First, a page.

Ebola panel calls for change : “From a world of non-accountability and non-assistance, to a world of accountability and coordination

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Independent, multinational group presents report in Washington, DC with recommendations for global health response readiness

The speakers who gathered at the Center for Strategic and International Studies on Dec. 2 described in detail the lapses at every phase and every level of  action and inaction that followed the outbreak about two years ago of Ebola in West Africa. They recounted the role played by a “mediocre, dysfunctional and unaccountable” World Health Organization, but also of failures by nations around the world to live up to agreements to build their health systems, and by others to acknowledge and respond to those gaps between goals and reality. But the primary purpose of their discussion was to urge that with memory still fresh of what happened and what didn’t happen after reports of the outbreak began to surface in the early months of 2014, that governments and agencies begin to undertake necessary and comprehensive reforms to global public health approaches now. Now, already, is too late, they noted, adding that the world remains currently unready for the next, inevitable infectious disease crisis.

The speakers included members of a panel assembled by Harvard’s Global Health Institute and the London School of Hygiene and Tropical Medicine that, the week before, had released a report on the global response to Ebola  documenting the weaknesses the crisis had highlighted.

Those weaknesses surfaced, as the report described, in the countries where the outbreak took hold, where staffing, technology and expertise all were inadequate to note that an epidemic was spreading — gaps that had gone ignored by donor countries. More weaknesses showed when even after the outbreak posed a clear threat, affected countries had little motivation to report what was happening, and strong reasons not to, and when the reasons for that reluctance were confirmed —  while aid came slowly but trade and travel restrictions came fast, with further debilitating effects. And, even as the world began to respond, failures to plan and communicate plans, to engage communities, to account for funds, to coordinate efforts and share knowledge illustrated a nearly universal lack of preparedness.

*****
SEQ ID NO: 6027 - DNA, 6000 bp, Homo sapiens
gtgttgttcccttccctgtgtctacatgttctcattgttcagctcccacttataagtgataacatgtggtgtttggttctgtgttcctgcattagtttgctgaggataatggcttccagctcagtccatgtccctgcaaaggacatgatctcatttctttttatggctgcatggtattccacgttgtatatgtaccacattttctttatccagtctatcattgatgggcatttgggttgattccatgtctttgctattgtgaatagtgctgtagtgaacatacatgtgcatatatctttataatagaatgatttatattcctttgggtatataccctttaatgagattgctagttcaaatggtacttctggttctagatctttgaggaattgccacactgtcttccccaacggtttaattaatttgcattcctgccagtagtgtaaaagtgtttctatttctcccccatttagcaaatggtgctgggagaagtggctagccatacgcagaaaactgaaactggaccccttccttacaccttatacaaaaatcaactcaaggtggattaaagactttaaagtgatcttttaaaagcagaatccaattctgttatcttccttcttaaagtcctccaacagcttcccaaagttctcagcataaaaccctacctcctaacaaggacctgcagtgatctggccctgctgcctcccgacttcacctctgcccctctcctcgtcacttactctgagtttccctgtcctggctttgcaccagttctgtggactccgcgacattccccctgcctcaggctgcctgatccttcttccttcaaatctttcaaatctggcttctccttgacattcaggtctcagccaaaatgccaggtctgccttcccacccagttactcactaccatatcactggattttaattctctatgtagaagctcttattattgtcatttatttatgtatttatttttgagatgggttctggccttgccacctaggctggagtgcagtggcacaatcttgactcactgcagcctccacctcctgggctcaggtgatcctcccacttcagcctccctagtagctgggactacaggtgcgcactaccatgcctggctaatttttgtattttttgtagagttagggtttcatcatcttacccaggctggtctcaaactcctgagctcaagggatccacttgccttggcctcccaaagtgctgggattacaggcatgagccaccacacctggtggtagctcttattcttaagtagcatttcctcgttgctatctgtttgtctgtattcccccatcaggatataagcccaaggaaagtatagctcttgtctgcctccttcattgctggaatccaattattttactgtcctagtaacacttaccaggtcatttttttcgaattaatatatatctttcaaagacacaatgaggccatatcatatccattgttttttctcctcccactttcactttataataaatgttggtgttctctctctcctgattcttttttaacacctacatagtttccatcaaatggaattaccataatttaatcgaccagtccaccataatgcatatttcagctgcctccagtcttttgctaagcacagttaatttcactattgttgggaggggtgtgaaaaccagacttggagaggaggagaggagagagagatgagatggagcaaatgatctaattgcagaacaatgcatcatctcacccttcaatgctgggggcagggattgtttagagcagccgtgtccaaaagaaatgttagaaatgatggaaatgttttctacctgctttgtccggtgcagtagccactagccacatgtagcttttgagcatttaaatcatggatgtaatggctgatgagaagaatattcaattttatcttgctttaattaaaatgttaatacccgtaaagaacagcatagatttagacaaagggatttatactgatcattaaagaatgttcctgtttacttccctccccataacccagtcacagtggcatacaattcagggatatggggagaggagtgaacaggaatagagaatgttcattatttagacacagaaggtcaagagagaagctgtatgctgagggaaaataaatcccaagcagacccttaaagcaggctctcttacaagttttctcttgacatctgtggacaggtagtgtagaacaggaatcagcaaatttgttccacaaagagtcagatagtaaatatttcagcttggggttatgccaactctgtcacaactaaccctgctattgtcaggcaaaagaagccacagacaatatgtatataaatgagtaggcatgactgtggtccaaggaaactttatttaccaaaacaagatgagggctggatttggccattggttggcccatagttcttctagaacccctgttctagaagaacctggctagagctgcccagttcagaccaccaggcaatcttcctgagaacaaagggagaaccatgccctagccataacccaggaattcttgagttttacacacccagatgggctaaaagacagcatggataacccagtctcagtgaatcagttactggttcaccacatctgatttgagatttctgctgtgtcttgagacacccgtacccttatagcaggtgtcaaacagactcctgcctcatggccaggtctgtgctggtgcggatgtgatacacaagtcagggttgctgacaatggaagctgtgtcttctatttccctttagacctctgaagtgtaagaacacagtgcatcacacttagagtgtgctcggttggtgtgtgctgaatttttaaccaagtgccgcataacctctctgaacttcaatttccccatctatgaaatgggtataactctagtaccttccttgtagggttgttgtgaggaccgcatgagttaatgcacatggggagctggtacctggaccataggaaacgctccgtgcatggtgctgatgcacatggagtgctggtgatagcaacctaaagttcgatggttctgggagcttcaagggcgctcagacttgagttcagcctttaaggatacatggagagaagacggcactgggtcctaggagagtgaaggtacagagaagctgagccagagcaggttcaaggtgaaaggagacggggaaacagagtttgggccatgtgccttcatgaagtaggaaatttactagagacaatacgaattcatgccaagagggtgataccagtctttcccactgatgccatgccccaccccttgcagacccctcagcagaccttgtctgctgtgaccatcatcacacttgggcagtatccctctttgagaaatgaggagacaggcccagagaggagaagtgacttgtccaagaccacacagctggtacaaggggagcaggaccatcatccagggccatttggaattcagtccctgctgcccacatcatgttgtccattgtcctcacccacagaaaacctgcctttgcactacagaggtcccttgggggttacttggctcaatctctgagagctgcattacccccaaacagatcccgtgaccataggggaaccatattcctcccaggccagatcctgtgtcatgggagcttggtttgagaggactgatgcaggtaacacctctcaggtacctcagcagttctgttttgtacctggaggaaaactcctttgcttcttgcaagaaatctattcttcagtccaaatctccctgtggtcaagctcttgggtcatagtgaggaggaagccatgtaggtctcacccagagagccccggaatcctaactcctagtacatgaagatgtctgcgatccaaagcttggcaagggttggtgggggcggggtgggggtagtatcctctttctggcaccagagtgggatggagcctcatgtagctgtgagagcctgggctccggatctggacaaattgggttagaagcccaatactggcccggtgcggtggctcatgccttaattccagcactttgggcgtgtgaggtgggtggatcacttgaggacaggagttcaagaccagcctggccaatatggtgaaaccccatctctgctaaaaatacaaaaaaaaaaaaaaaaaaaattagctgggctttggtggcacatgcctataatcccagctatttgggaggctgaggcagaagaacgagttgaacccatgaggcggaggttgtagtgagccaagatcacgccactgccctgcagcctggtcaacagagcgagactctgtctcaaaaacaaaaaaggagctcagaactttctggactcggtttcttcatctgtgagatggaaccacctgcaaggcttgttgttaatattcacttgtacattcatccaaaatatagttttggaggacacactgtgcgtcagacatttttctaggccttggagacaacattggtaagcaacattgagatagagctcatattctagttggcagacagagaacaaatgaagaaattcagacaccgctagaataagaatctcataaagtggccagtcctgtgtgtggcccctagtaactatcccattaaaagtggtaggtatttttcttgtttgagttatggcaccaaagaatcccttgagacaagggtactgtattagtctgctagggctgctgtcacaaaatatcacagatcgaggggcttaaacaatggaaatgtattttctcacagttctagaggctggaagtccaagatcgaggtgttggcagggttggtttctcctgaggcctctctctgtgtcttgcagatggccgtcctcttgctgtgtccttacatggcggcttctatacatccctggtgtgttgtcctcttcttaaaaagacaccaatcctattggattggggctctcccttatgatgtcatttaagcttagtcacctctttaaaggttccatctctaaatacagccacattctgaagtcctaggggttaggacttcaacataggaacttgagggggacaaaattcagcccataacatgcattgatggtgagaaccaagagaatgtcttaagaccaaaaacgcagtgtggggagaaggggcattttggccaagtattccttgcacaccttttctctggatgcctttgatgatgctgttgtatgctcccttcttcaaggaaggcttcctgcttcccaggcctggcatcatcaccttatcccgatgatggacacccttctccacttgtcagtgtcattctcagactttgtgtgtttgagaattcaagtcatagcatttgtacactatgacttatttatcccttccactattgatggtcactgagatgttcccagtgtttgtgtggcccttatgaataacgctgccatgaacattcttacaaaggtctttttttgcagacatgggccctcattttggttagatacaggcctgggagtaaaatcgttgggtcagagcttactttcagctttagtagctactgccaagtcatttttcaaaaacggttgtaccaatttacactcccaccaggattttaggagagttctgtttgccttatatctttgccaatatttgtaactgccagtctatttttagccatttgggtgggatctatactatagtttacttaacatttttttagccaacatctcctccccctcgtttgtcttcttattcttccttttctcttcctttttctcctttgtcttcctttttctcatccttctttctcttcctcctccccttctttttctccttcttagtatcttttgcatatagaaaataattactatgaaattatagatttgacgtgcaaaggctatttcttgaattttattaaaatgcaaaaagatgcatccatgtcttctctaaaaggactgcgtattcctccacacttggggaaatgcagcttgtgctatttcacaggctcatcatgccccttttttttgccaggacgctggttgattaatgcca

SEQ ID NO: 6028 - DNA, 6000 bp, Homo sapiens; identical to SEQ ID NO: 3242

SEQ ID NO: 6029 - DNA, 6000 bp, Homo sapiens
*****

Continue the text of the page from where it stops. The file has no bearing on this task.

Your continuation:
The panel had released 10 recommendations with its report the week before, covering prevention, response, research and governance to address future outbreaks. They included new rules, new organizational entities, new funding models and new approaches to research.

“We can’t be complacent with change around the margins,” said J. Stephen Morrison of CSIS, a member of the panel, also warning that “modest, internal reforms” will leave false confidence and continued vulnerability to health threats worldwide.

And while talk during the discussion  of these recommendations frequently cited and returned to themes of politics, negligence, and incompetence at the World Health Organization, the responsibility for the impacts of WHO’s failings is broader, speakers noted.

Needed also, Dr. Peter Piot, also a member of the panel noted, is “a broader coalition than the G7” with planning that includes input from all affected regions and communities.

“This was, in the end, the success of a community based health response,” former White House Ebola Response Coordinator Ron Klain said. “We should never lose sight of that.”

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